The purpose of this paper is to investigate the effect of three important group process variables, namely, agreement-seeking behavior, group trust, and cognitive diversity, on decision outcomes. In addition, it seeks to examine the role of process conflict as a moderator in the relationship between agreement-seeking behavior and team effectiveness; agreement-seeking behavior and decision commitment; cognitive diversity and team effectiveness; and cognitive diversity and decision commitment.
Using a structured survey instrument, this paper gathered data from 160 students enrolled in a strategic management capstone course that features strategic decision making in a simulated business strategy game. The data from 41 teams were collected from the student population using a carefully administered instrument, and the data were aggregated only after appropriate inter-rater agreement tests were run.
Results show that the group process variables are positively related to decision outcomes. The data support the view that process conflict acts as a moderator in the relationship between agreement-seeking behavior and team effectiveness and decision commitment. Further, the results support that cognitive diversity has a positive impact on decision commitment and team effectiveness. Process conflict, which acts as a deterrent, is outweighed by the presence of agreement-seeking behavior.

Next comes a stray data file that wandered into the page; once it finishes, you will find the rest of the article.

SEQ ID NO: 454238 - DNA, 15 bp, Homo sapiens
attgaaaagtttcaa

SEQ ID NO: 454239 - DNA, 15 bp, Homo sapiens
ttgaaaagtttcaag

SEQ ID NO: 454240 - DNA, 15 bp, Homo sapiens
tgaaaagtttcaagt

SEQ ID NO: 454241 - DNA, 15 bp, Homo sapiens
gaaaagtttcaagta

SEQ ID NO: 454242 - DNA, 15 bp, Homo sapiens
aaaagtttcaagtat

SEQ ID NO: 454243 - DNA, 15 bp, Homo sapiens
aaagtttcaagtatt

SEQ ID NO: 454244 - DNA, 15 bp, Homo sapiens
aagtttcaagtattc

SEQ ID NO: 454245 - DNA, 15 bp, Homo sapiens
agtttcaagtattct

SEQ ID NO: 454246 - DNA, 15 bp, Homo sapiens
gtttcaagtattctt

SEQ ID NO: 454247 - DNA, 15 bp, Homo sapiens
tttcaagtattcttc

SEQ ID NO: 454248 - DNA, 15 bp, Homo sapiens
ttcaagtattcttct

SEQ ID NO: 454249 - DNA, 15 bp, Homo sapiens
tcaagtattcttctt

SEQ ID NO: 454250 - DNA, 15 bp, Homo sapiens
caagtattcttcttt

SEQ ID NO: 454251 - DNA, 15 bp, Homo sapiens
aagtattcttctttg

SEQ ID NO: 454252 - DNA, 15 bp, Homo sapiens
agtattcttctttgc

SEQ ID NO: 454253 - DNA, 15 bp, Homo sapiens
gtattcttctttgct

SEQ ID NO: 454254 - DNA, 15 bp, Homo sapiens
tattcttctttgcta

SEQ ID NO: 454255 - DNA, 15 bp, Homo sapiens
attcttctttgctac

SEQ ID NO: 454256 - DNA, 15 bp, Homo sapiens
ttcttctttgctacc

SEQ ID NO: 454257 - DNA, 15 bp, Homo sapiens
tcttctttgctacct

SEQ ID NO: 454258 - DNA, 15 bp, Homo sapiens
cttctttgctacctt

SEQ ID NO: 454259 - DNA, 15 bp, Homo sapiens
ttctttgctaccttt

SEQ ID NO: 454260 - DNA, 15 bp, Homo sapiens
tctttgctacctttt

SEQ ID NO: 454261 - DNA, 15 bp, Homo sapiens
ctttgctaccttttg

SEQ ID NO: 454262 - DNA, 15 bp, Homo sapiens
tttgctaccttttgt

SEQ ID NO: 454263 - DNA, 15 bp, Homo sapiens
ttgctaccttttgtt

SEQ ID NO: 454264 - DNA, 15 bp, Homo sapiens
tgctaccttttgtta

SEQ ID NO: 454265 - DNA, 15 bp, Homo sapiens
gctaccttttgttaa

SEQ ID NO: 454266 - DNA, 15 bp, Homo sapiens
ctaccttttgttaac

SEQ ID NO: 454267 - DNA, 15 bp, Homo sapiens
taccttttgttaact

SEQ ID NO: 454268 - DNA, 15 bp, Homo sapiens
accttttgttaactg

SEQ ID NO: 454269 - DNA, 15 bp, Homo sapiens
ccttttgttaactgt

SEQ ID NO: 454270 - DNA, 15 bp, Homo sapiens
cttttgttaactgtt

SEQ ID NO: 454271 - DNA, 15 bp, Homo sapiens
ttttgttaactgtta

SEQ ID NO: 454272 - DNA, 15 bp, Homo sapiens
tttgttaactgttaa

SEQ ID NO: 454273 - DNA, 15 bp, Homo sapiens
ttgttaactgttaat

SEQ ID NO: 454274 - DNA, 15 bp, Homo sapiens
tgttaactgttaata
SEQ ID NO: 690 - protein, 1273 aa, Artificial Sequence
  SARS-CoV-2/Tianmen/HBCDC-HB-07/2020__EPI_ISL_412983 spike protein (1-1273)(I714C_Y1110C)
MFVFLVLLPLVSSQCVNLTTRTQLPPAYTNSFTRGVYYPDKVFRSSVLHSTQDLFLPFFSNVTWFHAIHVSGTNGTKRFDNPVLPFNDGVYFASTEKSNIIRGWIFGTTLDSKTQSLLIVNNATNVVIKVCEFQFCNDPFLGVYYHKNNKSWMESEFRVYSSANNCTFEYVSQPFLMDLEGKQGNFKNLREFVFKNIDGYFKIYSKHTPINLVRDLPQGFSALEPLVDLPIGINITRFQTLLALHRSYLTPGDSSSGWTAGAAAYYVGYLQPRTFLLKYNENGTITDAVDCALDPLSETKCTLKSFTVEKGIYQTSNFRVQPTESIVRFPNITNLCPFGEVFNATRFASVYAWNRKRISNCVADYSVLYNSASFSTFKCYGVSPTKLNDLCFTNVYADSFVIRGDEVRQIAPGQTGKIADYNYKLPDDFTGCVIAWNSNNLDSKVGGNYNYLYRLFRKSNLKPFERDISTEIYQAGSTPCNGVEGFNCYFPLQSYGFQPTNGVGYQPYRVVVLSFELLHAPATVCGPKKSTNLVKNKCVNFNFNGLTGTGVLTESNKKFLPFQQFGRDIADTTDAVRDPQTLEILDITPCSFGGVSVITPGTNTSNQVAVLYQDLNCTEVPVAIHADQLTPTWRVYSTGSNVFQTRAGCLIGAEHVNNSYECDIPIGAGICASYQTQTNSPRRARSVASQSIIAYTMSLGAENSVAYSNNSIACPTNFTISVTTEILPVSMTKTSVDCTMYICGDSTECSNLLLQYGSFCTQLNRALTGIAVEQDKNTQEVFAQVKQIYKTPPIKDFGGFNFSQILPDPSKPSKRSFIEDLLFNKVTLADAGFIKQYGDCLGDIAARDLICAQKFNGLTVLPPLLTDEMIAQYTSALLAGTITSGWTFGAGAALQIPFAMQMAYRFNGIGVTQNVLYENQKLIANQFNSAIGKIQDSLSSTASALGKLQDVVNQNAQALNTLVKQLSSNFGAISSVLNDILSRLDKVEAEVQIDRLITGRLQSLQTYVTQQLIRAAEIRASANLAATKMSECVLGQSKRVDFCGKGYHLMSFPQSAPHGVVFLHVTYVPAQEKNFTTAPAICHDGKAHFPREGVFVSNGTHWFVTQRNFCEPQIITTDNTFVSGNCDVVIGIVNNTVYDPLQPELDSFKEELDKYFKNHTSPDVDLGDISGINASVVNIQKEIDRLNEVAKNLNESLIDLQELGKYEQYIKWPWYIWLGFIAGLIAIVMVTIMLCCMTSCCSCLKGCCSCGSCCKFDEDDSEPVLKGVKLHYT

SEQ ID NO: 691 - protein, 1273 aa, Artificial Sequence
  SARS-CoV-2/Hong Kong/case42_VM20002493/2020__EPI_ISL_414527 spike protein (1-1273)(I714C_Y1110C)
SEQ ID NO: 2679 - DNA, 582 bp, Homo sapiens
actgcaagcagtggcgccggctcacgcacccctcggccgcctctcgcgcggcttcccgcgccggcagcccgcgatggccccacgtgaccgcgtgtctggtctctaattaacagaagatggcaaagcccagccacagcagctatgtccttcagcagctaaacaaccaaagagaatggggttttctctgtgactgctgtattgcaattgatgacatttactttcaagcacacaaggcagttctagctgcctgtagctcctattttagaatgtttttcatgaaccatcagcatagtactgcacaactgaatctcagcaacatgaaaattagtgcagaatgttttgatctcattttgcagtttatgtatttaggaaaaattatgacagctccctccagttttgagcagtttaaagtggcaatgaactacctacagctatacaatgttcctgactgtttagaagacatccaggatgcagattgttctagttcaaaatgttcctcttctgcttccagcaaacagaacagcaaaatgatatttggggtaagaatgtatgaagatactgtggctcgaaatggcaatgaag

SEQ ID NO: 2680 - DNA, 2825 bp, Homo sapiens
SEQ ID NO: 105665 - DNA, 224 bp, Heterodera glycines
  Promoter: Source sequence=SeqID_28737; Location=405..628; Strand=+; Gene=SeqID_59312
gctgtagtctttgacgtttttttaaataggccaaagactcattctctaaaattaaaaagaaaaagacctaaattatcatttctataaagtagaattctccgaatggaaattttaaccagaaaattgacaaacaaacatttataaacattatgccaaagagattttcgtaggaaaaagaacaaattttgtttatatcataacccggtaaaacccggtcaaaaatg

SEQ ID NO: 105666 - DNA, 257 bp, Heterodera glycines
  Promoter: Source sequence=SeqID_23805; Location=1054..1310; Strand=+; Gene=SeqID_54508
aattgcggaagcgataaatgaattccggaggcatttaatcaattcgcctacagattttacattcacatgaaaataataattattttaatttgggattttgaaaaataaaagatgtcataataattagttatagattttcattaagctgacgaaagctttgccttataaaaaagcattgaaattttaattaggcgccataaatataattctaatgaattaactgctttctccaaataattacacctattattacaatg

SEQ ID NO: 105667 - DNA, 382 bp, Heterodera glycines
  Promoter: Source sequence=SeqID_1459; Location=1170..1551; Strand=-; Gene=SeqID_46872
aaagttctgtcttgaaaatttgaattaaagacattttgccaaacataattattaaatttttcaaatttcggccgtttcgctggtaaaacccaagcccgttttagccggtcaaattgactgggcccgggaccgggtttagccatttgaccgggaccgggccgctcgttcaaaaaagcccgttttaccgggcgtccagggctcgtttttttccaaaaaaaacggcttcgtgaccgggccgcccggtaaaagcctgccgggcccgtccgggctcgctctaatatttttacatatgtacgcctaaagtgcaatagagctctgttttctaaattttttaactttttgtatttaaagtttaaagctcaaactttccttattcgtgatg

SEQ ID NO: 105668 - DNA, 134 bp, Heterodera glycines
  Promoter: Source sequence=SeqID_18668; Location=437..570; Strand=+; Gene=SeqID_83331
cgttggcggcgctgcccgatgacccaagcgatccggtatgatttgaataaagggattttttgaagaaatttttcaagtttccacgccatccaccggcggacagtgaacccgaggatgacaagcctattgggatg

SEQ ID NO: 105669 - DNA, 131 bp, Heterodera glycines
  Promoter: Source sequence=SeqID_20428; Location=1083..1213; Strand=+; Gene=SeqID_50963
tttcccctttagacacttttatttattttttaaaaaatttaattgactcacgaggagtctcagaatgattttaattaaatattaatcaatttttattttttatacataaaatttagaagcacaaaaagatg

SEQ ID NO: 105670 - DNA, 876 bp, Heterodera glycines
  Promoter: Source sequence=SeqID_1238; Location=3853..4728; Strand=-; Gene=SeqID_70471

Since the present research is based on self-report measures, the limitations of social desirability bias and common method bias are inherent. However, sufficient care is taken to minimize these limitations. The research has implications for both the conflict management and strategic decision-making process literatures.
This study contributes to both practicing managers and the strategic management literature. The study suggests that administrators should select those teams who are prone to agreement-seeking behavior; and team members who trust one another. Administrators need not unduly avoid process conflict because diversity in opinions and thinking and agreement-seeking behavior outweigh the negative effects of process conflict.
The findings from the study will be useful for creating congenial social environment in the organizations.
This study provides new insights about the previously unknown effects of process conflict in strategic decision-making process.
Parayitam, S. and Papenhausen, C. (2016), "Agreement-seeking behavior, trust, and cognitive diversity in strategic decision making teams: Process conflict as a moderator", Journal of Advances in Management Research, Vol. 13 No. 3, pp. 292-315. https://doi.org/10.1108/JAMR-10-2015-0072Download as .RIS
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